Transitioning to one nap can often take two to four weeks, so be patient and stay the course!

    How to help your baby get their needed rest

    Mom finding out when to transition to one nap

    Helping your baby or toddler get enough rest at naptime and bedtime is a matter of setting yourself (and your baby) up for success and following a good routine.

    If you’ve decided that this is when to transition to one nap, you’ll want your little one to get the best sleep possible. Here are some tips.

    1) Keep their sleep area cool.

    First of all, you’ll want to be sure their room is cool yet comfortable. Setting the temperature between 65 and 72 degrees is ideal for sleep.

    2) Make it dark.

    You’ll also want to invest in blackout curtains to keep the room dark so that when your little one naps during the day, they’re not distracted by too much light.

    3) Manage noise levels.

    Of course, when your baby is napping or sleeping, you’ll want the house to be quiet. Ideally, everyone has some rest time or focuses on quiet activities.

    Even though you can control indoor noise, it’s impossible to predict noises outside. Investing in a sound machine can help drown out any outdoor noise and relax your little one. Be sure to keep it at a low volume.

    4) Dress your little one for sleep success.

    What your baby wears to bed is also important. They may sleep in a sleep sack or pajamas at one to two years. Make sure the fabric is breathable and comfortable — natural fabrics are best, like Pima cotton or muslin.

    You don’t want anything with buttons or embellishments that may be uncomfortable.

    5) Consider a humidifier.

    If your home is on the dry side, consider adding a humidifier to your child’s room. Moistening the air will help them breathe easily through their nap.

    The ideal indoor humidity is between 30% to 50%, and you should never exceed 60%, or else you will risk getting mold or bacteria.

    Keep in mind that humidifiers require regular cleaning every couple of days.

    6) Try a bath before bed.

    If they are having a hard time sleeping, sometimes a bath before bed can help. This lowers the body temperature which is conducive for sleep.

    7) Give your toddler a blanket or favorite stuffed animal.

    As long as your child is over 12 months old, you can give them a blanket or stuffed animal to sleep with. This familiar friend may make them more relaxed at nap or bedtime.

    8) Keep electronics out of the bedroom.

    To ensure a good rest, keep devices out of the bedroom. For little ones, even if powered off in their room, a tablet or TV may be too tempting.

    9) Spend time outdoors during the day.

    Make sure your little one gets outside during the day and enjoys a little sunshine. The fresh air and daylight can help set their circadian rhythm so that their body is ready to rest at bedtime.

    Safe sleep for babies and toddlers

    When it’s time for your child to get their zzzs, you want to make sure they are as safe as possible.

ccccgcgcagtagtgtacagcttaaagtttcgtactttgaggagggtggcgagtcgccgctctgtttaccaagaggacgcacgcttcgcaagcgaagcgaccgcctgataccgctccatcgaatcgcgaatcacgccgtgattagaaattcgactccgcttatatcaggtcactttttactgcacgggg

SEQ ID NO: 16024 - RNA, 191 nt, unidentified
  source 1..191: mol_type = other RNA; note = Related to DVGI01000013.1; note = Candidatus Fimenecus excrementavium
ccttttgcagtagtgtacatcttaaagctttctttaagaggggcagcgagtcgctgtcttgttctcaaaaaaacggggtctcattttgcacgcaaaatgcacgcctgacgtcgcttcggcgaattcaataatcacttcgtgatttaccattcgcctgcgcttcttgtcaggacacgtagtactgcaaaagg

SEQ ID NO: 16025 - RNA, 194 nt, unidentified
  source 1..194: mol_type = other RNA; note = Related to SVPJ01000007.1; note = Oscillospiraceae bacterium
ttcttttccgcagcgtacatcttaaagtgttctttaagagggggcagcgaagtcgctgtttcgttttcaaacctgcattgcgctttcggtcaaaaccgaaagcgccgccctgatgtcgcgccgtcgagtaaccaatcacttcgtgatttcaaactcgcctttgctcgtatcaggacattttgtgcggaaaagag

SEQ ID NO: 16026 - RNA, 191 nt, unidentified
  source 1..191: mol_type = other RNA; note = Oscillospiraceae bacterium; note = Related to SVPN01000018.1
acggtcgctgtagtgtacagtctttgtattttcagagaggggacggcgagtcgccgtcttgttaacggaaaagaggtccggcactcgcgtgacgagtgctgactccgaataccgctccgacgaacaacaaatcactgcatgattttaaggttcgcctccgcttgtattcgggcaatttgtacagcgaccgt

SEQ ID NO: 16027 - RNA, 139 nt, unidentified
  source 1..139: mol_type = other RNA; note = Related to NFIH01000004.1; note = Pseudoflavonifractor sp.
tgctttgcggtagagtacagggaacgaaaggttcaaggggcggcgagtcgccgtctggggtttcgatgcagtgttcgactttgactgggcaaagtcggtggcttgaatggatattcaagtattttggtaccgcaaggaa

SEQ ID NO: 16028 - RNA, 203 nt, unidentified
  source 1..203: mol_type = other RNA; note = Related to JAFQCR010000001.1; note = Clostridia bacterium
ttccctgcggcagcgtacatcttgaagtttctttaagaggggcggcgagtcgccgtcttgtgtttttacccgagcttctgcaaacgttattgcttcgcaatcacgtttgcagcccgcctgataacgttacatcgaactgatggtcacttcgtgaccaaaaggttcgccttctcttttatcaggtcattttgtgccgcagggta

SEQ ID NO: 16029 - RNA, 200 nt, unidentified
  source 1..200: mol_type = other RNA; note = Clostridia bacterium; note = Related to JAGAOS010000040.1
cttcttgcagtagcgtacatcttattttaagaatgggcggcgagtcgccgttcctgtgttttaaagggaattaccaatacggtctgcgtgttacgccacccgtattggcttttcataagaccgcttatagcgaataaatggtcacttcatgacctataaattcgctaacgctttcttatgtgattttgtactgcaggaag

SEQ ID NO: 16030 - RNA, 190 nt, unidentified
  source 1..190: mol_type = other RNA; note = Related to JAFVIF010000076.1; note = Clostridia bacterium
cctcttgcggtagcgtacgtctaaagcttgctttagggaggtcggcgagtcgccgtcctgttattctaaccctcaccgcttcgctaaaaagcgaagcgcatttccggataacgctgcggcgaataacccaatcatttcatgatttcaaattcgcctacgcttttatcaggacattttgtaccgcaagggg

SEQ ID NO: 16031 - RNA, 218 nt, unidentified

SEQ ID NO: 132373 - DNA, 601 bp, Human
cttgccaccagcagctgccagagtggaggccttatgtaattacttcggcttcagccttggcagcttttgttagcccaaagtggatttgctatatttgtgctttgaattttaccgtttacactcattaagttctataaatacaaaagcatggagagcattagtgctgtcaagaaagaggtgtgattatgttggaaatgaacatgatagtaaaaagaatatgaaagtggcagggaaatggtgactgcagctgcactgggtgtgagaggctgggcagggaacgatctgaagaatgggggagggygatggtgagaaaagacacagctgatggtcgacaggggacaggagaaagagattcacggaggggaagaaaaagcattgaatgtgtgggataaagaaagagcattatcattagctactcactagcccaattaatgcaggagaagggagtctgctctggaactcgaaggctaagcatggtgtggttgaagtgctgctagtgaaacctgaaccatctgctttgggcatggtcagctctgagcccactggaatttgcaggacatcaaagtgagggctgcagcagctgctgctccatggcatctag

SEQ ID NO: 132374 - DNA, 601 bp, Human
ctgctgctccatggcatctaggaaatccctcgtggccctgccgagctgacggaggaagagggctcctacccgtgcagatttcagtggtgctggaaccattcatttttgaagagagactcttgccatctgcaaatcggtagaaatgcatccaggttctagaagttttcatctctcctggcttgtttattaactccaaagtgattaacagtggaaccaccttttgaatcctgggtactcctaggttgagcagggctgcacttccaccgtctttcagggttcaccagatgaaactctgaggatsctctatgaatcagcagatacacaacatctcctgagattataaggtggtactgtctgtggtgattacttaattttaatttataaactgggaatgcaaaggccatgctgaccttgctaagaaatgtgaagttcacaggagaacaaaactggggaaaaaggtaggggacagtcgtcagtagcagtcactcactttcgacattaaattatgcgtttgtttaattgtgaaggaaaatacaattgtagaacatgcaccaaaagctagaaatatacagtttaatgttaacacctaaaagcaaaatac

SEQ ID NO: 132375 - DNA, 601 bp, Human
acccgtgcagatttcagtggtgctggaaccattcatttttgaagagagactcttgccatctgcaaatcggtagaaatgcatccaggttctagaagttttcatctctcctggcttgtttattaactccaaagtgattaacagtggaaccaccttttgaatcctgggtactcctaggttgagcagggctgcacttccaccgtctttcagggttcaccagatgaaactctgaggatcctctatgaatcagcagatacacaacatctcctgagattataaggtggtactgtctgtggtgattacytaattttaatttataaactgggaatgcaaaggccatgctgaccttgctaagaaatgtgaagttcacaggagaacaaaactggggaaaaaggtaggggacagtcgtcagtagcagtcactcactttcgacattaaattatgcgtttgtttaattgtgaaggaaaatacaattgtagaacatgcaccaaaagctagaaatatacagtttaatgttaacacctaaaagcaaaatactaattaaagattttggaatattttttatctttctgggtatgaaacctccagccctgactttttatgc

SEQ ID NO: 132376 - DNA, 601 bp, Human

Many safe sleep guidelines are intended for children under 12 months — like putting them to bed on their back and ensuring that their crib has nothing in it but them, the mattress, and fitted sheet.

    But because children normally drop down to one nap a day after 12 months, we’ll just focus on the safety tips to keep in mind for children over one.

    Use a firm, breathable mattress.

    Firm mattress for baby that is ready to when to transition to one nap

    Although this is an important safety rule for babies, it’s also good for toddlers. A firm, breathable mattress supports growing bones and helps your little one to stay comfortable by maximizing airflow.

    Newton Baby’s Essential Crib Mattress is an excellent choice for little nappers, as these are not only firm and breathable, but also washable.

    Accidents happen, and when one does, it’s nice to know you can easily clean both the inside and the outside of your child’s mattress quickly and easily — our Extra Original Crib Mattress Cover to the rescue!

    Make sure your child’s room is hazard-free.

    As your little one is probably still napping and sleeping at night in their crib, you want to think about making sure anything in the crib with them is safe. Some toys have small parts that can pose choking hazards, so be sure that everything with them is age-appropriate.

    You don’t want too many toys in the crib, either, as your clever child might try to stack them up and stand on them in order to escape the crib.

    Bumpers are no longer allowed these days, so you probably won't have one, but if you do, take it out of the crib to avoid providing easy footholds for curious kids.

    Safety isn’t just limited to what’s in the crib. You also want to look around the crib at whatever’s in arm’s reach. Any dangling cords, ties, or ribbons can be a strangulation hazard. Picture frames hung over the crib can also be dangerous and should be out of reach.

    You’ll also want to make sure you have anchors on all of your furniture so nothing can tip. Double-check that anything that needs babyproofing (cabinets, electrical outlets, sharp edges) has been addressed.

    One nap success

    Mom who is having one nap success

    Knowing when to transition to one nap can be a bit challenging at first. Even with the right tools, it’s a big change to introduce to your little one!

    Give yourself and your baby lots of grace, and know that we’re always here for you. If you need support, try our Newton Sleep Consultation Powered by Tot Squad.

    Before you know it, your baby will be three or four years old with no more naps and a different milestone to tackle. Until then, you’ve got this!